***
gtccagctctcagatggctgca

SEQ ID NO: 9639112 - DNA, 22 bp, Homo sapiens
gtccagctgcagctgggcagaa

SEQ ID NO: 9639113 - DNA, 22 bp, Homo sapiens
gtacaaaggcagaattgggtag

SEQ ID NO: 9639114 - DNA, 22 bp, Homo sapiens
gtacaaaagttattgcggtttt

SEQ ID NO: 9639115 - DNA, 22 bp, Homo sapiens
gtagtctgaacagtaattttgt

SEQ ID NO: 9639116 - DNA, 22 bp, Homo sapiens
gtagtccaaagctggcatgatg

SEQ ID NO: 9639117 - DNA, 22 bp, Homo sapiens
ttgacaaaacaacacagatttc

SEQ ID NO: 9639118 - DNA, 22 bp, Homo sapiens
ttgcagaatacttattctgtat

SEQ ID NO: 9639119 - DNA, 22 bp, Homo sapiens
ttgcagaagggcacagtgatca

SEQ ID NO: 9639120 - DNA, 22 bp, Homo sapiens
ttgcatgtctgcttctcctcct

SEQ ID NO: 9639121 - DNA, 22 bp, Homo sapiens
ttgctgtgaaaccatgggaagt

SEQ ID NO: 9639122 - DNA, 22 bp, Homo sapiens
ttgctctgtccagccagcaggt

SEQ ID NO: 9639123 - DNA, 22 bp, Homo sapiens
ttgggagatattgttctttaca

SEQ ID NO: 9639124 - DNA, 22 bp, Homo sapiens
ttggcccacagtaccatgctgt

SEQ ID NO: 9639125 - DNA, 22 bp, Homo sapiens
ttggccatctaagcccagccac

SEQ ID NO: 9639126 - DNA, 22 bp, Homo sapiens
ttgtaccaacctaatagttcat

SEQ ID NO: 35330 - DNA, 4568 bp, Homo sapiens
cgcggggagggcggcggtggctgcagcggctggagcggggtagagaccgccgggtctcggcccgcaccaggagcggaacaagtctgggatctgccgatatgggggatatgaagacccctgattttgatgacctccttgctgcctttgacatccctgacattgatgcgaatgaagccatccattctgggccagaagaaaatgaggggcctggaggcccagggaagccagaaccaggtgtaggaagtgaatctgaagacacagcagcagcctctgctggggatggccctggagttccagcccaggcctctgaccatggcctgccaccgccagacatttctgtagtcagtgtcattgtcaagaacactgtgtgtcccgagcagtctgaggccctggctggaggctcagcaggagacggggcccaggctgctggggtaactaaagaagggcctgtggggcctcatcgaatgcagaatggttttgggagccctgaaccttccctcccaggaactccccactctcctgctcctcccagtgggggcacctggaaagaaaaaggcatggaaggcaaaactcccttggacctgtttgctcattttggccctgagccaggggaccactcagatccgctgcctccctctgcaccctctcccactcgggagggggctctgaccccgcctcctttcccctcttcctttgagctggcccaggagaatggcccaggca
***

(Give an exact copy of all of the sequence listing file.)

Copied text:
gtccagctctcagatggctgca

SEQ ID NO: 9639112 - DNA, 22 bp, Homo sapiens
gtccagctgcagctgggcagaa

SEQ ID NO: 9639113 - DNA, 22 bp, Homo sapiens
gtacaaaggcagaattgggtag

SEQ ID NO: 9639114 - DNA, 22 bp, Homo sapiens
gtacaaaagttattgcggtttt

SEQ ID NO: 9639115 - DNA, 22 bp, Homo sapiens
gtagtctgaacagtaattttgt

SEQ ID NO: 9639116 - DNA, 22 bp, Homo sapiens
gtagtccaaagctggcatgatg

SEQ ID NO: 9639117 - DNA, 22 bp, Homo sapiens
ttgacaaaacaacacagatttc

SEQ ID NO: 9639118 - DNA, 22 bp, Homo sapiens
ttgcagaatacttattctgtat

SEQ ID NO: 9639119 - DNA, 22 bp, Homo sapiens
ttgcagaagggcacagtgatca

SEQ ID NO: 9639120 - DNA, 22 bp, Homo sapiens
ttgcatgtctgcttctcctcct

SEQ ID NO: 9639121 - DNA, 22 bp, Homo sapiens
ttgctgtgaaaccatgggaagt

SEQ ID NO: 9639122 - DNA, 22 bp, Homo sapiens
ttgctctgtccagccagcaggt

SEQ ID NO: 9639123 - DNA, 22 bp, Homo sapiens
ttgggagatattgttctttaca

SEQ ID NO: 9639124 - DNA, 22 bp, Homo sapiens
ttggcccacagtaccatgctgt

SEQ ID NO: 9639125 - DNA, 22 bp, Homo sapiens
ttggccatctaagcccagccac

SEQ ID NO: 9639126 - DNA, 22 bp, Homo sapiens
ttgtaccaacctaatagttcat

SEQ ID NO: 35330 - DNA, 4568 bp, Homo sapiens
cgcggggagggcggcggtggctgcagcggctggagcggggtagagaccgccgggtctcggcccgcaccaggagcggaacaagtctgggatctgccgatatgggggatatgaagacccctgattttgatgacctccttgctgcctttgacatccctgacattgatgcgaatgaagccatccattctgggccagaagaaaatgaggggcctggaggcccagggaagccagaaccaggtgtaggaagtgaatctgaagacacagcagcagcctctgctggggatggccctggagttccagcccaggcctctgaccatggcctgccaccgccagacatttctgtagtcagtgtcattgtcaagaacactgtgtgtcccgagcagtctgaggccctggctggaggctcagcaggagacggggcccaggctgctggggtaactaaagaagggcctgtggggcctcatcgaatgcagaatggttttgggagccctgaaccttccctcccaggaactccccactctcctgctcctcccagtgggggcacctggaaagaaaaaggcatggaaggcaaaactcccttggacctgtttgctcattttggccctgagccaggggaccactcagatccgctgcctccctctgcaccctctcccactcgggagggggctctgaccccgcctcctttcccctcttcctttgagctggcccaggagaatggcccaggca